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Race Relations Reporter:

The Race Relations Reporter is a weekly electronic bulletin of news, surveys, and a chronicle of race-related incidents of discrimination, hate crimes, and hate group activity from across the United States. This bulletin is sent to subscribers each week at their personal e-mail account address. Subscriptions are $24 for 52 weekly issues. See sample, below:

THE RACE RELATIONS REPORTER
Weekly Bulletin
August 20, 2003

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NEWS OF THE WEEK

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* THE BEGINNING OF THE END FOR AFFIRMATIVE ACTION IN HIGHER EDUCATION: At the conclusion of her ruling in the University of Michigan School of Law affirmative action case decided this past June, Supreme Court Justice Sandra Day O'Connor expressed the belief that a quarter of a century from now there should be no need for affirmative action in admissions to higher education. A new poll conducted for the American Bar Association shows that Americans tend to agree with Justice O'Connor's opinion on the long-term future of race-sensitive admissions. Some 70 percent of all respondents to the survey agree that in 25 years there should be no need for affirmative action in admissions to higher education.

The poll also found that 88 percent of all Americans believe significant progress has been made in school desegregation since the 1954 Supreme Court decision in Brown v. Board of Education.

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* IN SOUTH CAROLINA, BLACKS ARE THE ONES USUALLY CHARGED WITH LYNCHING: In 1951, after a black man accused of murdering a white taxi driver was pulled from a local jail and lynched by a white mob, the South Carolina State Legislature passed an antilynching statute. Lynching was defined as "any act of violence inflicted by a mob upon the body of another person." The antilynching law is still in force in the state, one of only four in the nation. However, almost all states now have legislation providing for increased sentencing if it can be proved that the motivation for a violent crime was racial hatred.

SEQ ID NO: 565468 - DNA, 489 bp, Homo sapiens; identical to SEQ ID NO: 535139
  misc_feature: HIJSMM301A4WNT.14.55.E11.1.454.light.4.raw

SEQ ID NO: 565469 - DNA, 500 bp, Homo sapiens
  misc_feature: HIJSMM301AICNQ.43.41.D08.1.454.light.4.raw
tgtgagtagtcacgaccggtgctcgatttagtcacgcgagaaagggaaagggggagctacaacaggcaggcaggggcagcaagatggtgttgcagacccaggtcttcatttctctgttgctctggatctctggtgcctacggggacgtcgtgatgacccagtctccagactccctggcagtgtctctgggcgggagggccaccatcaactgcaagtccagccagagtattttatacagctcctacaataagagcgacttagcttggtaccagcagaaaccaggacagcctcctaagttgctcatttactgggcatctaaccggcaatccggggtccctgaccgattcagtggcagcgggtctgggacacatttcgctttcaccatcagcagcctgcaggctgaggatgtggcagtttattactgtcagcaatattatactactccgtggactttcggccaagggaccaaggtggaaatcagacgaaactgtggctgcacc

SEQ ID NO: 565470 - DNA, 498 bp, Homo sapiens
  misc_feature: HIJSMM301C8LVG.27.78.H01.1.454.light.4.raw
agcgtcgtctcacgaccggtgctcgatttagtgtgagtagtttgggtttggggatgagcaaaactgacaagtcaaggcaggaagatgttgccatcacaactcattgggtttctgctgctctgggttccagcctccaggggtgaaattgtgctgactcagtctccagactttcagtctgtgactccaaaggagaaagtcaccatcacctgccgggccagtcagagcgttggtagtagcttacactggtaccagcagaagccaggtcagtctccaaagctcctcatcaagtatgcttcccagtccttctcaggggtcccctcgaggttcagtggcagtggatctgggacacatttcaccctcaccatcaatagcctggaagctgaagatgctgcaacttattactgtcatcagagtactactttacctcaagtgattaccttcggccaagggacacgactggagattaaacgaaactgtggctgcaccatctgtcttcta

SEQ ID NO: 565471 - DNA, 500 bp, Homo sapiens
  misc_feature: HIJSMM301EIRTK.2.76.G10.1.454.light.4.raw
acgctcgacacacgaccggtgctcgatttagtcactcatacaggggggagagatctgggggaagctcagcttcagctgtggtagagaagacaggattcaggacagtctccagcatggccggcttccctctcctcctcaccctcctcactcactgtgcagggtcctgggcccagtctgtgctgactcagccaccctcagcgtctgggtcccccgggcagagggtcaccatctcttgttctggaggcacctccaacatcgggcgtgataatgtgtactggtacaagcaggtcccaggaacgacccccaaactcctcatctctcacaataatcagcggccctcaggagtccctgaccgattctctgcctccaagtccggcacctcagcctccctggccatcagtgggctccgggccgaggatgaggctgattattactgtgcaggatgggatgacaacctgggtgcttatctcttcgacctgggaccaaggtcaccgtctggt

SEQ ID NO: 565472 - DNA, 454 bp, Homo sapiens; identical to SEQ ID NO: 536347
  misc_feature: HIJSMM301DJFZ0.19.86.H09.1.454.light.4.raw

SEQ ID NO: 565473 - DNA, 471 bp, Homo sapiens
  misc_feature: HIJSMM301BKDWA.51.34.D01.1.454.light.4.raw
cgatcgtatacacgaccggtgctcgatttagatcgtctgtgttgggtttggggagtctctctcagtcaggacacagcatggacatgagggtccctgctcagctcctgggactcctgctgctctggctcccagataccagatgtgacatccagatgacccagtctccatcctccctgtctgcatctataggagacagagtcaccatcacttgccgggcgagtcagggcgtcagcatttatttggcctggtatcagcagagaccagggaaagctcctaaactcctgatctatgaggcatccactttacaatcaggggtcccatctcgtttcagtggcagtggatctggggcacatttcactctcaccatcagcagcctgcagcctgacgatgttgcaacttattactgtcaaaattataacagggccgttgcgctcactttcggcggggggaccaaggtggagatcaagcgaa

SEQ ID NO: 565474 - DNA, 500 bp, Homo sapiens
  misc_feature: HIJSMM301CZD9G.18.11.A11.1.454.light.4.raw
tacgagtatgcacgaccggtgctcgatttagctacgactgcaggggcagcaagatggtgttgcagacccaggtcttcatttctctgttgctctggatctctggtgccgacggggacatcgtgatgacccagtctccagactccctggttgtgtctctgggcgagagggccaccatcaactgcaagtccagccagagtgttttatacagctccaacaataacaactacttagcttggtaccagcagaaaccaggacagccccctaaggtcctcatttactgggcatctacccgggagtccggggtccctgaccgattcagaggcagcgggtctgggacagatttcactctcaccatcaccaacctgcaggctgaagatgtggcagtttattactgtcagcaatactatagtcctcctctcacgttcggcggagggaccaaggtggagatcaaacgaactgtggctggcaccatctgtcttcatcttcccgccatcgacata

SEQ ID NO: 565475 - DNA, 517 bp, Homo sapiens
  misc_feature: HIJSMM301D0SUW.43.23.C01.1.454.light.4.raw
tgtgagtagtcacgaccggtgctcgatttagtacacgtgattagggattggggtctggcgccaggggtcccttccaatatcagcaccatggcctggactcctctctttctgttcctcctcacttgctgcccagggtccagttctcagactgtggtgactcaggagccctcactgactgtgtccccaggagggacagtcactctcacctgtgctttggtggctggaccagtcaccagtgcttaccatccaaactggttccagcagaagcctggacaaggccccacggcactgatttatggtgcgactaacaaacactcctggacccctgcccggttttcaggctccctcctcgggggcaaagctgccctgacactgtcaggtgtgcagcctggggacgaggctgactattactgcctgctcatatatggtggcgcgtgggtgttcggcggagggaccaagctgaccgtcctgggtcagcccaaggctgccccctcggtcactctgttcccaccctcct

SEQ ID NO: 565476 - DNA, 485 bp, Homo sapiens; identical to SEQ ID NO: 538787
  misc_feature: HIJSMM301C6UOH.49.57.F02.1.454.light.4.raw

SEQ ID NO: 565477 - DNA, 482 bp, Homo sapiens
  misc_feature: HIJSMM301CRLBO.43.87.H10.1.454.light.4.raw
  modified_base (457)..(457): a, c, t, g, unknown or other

A recent study by the Associated Press has found that the South Carolina antilynching legislation, originally designed to limit vigilante justice against African Americans, is now used by prosecutors mainly against black defendants. The study found that although blacks make up just 30 percent of the state's population, 63 percent of all defendants charged with lynching are black. Blacks charged with lynching outnumber whites charged with lynching in 44 of the state's 46 counties. Some 271 blacks have been charged with lynching in the city of Charleston over the past five years.

In 1994 Kevin Garnett, now an All-Star in the National Basketball Association, was charged with lynching while in high school in South Carolina for a fight involving five black youths and a white teenager who suffered a broken ankle. The charges were later dropped.

Of the more than 4,000 adults charged with lynching over the past five years, only 136 people have been convicted of the charge. In most cases plea bargaining reduces the charges to assault. But of the 136 lynching convictions in the state over the past five years, two thirds have been against black defendants.

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* IOWA OFFERS ASSISTANCE TO MINORITIES LOOKING TO BUY THEIR FIRST HOME: In 2002 only 4 percent of the people who borrowed money as part of the FirstHome program of the Iowa Finance Authority were members of minority groups. The program was designed to help low- to moderate-income families finance the purchase of a home. State officials believe that many black and other minority families do not apply for assistance because they believe they will be turned down.